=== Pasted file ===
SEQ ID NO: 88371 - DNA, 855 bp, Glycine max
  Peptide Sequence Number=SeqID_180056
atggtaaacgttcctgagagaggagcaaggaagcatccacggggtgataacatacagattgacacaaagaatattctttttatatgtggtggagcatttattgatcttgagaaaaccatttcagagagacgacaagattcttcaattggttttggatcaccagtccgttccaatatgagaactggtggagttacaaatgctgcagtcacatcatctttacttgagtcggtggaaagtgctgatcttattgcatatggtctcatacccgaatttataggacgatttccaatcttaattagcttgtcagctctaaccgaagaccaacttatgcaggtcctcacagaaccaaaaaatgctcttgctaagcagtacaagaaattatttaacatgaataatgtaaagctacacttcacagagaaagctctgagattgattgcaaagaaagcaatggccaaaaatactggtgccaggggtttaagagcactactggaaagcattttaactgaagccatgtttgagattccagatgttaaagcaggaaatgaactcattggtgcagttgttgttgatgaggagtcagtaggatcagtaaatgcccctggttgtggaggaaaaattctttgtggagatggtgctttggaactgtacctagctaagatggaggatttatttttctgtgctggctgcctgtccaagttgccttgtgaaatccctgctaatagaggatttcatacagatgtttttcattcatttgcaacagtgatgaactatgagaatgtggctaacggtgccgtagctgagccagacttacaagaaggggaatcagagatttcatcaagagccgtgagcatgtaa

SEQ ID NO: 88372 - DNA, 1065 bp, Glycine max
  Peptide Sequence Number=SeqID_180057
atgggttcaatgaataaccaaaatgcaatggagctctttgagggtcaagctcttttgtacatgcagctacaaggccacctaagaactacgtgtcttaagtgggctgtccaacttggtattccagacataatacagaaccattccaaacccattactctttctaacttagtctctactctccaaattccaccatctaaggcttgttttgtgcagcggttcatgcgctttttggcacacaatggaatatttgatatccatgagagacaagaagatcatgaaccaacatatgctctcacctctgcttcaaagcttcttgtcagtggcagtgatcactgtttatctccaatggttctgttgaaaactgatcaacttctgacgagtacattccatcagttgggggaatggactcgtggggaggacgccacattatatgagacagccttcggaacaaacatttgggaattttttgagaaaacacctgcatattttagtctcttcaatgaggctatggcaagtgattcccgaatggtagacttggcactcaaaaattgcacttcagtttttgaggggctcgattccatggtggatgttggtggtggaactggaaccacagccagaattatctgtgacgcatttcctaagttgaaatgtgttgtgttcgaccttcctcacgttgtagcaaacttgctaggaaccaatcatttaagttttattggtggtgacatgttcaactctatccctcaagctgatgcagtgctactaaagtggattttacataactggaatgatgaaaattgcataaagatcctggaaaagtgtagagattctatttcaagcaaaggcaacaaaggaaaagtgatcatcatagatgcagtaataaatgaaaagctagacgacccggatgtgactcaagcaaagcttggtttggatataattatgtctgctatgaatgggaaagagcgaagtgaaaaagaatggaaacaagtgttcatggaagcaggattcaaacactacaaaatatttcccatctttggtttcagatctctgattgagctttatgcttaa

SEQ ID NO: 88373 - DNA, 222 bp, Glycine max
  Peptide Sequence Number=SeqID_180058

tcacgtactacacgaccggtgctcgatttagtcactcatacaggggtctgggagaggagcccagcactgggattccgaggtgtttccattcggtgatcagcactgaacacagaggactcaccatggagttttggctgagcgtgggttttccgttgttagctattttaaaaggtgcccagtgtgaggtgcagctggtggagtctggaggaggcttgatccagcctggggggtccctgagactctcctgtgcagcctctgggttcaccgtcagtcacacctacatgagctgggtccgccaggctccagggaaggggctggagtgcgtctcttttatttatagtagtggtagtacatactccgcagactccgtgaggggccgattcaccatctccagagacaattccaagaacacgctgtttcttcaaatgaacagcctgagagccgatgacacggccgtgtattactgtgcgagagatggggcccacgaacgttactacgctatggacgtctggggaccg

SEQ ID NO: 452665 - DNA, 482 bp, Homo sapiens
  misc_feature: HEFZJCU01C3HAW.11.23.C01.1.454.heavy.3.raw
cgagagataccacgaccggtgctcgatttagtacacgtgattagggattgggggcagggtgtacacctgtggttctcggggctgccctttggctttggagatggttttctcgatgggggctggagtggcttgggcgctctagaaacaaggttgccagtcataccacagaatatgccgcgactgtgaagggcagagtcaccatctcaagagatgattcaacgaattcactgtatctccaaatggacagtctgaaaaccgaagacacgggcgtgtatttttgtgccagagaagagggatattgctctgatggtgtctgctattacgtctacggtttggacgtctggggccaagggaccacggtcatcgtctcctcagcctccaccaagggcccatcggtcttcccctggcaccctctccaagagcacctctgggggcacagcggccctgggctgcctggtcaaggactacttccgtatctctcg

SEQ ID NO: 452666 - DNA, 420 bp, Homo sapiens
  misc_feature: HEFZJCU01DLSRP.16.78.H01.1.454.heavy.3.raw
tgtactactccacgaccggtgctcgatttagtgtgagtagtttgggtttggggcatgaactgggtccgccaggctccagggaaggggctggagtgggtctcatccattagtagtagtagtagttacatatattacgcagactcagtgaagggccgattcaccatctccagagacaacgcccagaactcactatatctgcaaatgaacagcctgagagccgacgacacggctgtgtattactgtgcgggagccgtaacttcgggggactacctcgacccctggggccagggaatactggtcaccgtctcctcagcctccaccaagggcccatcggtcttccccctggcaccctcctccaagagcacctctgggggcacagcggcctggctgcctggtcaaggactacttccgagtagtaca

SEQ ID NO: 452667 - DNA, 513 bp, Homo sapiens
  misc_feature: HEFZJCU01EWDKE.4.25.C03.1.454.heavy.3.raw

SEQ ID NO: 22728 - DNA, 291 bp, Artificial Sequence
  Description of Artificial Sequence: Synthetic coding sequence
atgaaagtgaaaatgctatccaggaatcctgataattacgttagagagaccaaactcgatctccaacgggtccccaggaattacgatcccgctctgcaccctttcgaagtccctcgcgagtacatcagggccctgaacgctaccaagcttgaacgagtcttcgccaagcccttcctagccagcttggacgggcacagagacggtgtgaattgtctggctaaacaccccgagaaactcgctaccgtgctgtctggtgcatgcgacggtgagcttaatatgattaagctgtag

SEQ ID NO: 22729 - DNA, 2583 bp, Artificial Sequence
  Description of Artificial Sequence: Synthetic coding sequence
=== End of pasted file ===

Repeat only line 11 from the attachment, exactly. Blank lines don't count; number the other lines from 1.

  misc_feature: HEFZJCU01C3HAW.11.23.C01.1.454.heavy.3.raw